This Italian Town’s New Fireworks Rule Is Meant To Calm Anxious Pets & It’s A Great Idea

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For dogs, the July 4 holiday is not a time for celebration. While humans enjoy backyard barbecues and displays of colorful fireworks, dogs across the country cower under beds in fear. And in recent years, fireworks have become more prevalent. From baseball games to rock concerts, it's not uncommon to hear the explosions and see the sky light up all year long. That's a lot of time spent shaking under the bed for your four-legged friend.

In a genius move, an Italian town switched to silent fireworks to help anxious pets spend less time being afraid. Frankly, it would be great if everyone could get on board with this whole silent-fireworks thing. While my dog isn't bothered by the sonic booms, my roommate's dog, George, used to shake so violently that we had to put him in a compression wrap for part of June and most of July. Even though citizens setting off their own fireworks is illegal in Los Angeles, thousands of people still do it, and the cops are too busy solving crimes to bother responding to illegal fireworks calls.

While towns and cities putting on silent fireworks displays won't stop the noise from the DIY folks, organized silent fireworks can go a long way toward calming an anxious dog on July 4.

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According to a press release, the town of Collecchio in the province of Parma, Italy, has chosen the welfare of its four-legged residents over the sound of fireworks. "The more sensitive hearing of animals causes them to develop a condition known as 'acoustic stress' that follows sudden and loud noises," the statement said. "The sounds and smoke created by fireworks can cause additional health problems in animals. Vets commonly report cases of nausea, tremors, and increased anxiety in animals after a fireworks show."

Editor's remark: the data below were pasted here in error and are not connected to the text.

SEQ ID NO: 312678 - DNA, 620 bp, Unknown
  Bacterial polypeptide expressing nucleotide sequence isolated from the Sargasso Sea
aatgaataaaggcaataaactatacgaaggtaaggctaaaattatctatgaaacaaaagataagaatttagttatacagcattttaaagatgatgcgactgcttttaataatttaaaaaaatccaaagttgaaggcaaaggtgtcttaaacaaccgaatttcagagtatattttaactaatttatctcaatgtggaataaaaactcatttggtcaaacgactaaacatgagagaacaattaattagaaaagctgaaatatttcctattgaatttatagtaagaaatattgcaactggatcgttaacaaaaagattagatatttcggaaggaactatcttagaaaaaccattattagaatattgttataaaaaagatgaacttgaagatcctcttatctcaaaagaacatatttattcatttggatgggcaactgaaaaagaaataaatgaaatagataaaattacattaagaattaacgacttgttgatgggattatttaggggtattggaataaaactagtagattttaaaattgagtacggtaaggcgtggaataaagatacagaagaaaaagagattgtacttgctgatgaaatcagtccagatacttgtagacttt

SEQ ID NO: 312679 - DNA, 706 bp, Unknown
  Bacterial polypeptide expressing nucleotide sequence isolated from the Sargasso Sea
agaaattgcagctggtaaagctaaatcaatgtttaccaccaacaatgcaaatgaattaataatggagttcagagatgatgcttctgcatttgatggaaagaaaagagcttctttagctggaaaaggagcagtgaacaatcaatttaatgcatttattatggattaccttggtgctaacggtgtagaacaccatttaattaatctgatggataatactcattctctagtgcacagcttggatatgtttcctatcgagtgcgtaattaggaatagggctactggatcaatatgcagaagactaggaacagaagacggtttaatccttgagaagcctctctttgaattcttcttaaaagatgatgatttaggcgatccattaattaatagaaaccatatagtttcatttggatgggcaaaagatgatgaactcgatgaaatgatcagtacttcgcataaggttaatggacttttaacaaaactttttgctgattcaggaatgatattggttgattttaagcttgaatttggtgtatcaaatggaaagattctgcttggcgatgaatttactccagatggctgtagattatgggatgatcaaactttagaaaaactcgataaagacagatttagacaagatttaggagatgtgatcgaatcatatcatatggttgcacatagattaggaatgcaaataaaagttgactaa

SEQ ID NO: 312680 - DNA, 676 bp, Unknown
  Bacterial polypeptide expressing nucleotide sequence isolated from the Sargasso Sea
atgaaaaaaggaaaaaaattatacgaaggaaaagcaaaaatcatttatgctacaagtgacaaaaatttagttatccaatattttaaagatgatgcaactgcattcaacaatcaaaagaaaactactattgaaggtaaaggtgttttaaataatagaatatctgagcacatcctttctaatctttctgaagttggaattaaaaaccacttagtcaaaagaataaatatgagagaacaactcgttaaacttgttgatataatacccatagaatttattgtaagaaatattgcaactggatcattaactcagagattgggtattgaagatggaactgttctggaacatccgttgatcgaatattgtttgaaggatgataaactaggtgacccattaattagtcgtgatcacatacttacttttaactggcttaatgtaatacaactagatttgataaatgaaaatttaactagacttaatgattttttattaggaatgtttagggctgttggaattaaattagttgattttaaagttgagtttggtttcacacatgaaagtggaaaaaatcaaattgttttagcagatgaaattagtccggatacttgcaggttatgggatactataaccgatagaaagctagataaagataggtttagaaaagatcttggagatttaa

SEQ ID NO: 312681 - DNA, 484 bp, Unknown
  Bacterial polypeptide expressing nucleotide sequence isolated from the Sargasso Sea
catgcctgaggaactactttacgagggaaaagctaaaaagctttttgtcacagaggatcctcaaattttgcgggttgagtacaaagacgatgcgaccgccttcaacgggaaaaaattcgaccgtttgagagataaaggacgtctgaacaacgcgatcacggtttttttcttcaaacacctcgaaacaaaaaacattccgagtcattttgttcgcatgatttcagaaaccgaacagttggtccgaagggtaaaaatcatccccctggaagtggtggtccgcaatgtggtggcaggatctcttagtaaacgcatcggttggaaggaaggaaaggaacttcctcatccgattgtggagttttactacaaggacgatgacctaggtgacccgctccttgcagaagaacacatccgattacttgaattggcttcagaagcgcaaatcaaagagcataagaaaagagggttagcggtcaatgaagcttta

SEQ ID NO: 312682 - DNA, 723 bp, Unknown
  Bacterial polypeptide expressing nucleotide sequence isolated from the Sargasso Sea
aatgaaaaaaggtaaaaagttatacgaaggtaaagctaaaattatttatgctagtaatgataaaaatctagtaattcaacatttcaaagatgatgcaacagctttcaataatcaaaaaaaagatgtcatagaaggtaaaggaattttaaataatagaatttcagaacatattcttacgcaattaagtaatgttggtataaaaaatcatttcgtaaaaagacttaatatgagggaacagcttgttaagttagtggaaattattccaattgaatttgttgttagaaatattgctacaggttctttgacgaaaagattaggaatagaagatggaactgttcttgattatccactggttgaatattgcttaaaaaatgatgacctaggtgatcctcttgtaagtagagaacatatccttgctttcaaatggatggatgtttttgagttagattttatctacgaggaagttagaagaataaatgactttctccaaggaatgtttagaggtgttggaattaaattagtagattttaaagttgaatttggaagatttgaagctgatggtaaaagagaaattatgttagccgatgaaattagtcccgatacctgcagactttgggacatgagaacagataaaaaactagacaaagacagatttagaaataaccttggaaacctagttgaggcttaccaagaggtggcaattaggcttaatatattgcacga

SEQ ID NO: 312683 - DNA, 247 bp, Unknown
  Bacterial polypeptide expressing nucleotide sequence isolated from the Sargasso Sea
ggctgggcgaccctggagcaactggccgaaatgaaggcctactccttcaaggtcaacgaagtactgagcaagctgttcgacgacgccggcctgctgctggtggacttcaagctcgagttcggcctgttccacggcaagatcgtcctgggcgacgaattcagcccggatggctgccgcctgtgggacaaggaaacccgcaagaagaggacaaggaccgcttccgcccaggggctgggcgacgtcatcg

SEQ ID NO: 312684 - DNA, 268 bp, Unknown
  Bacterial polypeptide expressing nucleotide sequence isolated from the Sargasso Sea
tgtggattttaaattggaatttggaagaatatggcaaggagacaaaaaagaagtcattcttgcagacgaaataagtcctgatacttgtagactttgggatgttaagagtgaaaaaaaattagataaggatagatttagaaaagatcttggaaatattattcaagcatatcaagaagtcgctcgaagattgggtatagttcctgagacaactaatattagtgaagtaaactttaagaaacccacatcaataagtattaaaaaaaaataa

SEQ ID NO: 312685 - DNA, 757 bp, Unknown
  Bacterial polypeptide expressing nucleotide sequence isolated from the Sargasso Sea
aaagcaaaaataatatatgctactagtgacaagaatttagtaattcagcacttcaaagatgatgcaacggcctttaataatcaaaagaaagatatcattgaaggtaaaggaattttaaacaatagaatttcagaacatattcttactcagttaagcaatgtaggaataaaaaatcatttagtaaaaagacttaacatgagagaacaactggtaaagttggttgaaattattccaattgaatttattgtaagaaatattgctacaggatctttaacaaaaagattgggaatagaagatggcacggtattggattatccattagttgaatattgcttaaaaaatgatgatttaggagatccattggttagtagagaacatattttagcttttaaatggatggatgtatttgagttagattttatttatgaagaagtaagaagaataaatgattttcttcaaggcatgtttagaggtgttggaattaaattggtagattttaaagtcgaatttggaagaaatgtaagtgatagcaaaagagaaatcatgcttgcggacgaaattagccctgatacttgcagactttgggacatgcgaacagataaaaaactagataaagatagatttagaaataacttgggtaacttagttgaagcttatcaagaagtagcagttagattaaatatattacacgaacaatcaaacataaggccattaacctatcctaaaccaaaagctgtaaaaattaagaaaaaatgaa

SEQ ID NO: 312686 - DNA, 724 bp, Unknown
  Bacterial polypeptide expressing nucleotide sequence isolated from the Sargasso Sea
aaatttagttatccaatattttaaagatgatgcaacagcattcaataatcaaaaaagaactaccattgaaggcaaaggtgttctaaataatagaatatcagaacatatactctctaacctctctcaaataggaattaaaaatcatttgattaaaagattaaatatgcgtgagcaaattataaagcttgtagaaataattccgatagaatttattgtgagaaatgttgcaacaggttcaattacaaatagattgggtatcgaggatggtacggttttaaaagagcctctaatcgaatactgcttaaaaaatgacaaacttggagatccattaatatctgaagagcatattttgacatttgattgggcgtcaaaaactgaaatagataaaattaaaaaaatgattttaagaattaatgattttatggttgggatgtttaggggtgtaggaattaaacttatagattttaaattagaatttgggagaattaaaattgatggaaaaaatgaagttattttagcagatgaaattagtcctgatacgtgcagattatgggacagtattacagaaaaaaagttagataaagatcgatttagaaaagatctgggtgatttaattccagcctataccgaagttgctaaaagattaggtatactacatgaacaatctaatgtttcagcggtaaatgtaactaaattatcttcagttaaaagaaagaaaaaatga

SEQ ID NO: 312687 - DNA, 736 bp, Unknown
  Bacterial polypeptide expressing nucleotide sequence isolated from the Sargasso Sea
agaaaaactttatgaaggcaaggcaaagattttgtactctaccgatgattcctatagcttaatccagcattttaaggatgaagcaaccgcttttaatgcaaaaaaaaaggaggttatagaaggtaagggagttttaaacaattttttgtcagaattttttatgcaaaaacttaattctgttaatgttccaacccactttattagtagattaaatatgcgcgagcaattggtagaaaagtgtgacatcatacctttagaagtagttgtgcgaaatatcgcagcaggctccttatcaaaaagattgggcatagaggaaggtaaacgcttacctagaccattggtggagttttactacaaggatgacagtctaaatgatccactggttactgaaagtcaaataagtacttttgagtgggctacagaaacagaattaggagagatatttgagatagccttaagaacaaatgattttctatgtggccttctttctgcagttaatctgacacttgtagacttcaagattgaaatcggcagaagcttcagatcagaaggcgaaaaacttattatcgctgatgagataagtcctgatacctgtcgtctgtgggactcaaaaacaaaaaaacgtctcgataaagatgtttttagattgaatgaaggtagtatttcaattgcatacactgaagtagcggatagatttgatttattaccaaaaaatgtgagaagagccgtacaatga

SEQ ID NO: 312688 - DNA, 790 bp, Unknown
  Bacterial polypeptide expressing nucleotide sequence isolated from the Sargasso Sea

In addition, the American Kennel Club reported that more pets go missing on July 4-5 than any other day of the year, and fireworks are a contributing factor. "They don’t know where the noise is coming from and they try to escape because they don’t understand,” Dallas Harsa, vice president of sales and marketing at AKC Reunite, said on the AKC's website.

At age 14, George is now deaf so we no longer have to worry about him dying of fright from fireworks. If you have anxious pup who hates Independence Day, there are some things you can do to help Fido feel better. The AKC club offers a list of downloadable tips to help keep pets safe over the July 4 holiday.

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Some of the suggestions include making sure your dog or cat (Fluffy might not appreciate fireworks either) has access to a safe, quiet space. Keep your windows closed, turn on some soothing classical music, and put your dog in a thunder shirt or make a compression wrap using an ace bandage or a scarf — this video will walk you through it step by step. Make sure your dog is wearing a collar with identification tags. We also give the dogs some CBD oil to calm any potential anxiety before it starts.

If your pet does run away over the holiday weekend, check your local shelters and use the Nextdoor app to see if any of your neighbors post about found pets. A neighborhood specific social networking site, Nextdoor is where people go to exchange information about what's happening locally, and it can be super helpful if your pet gets lost. Because until silent fireworks become a reality everywhere, you might need a little help from your friends to keep Fido and Fluffy safe.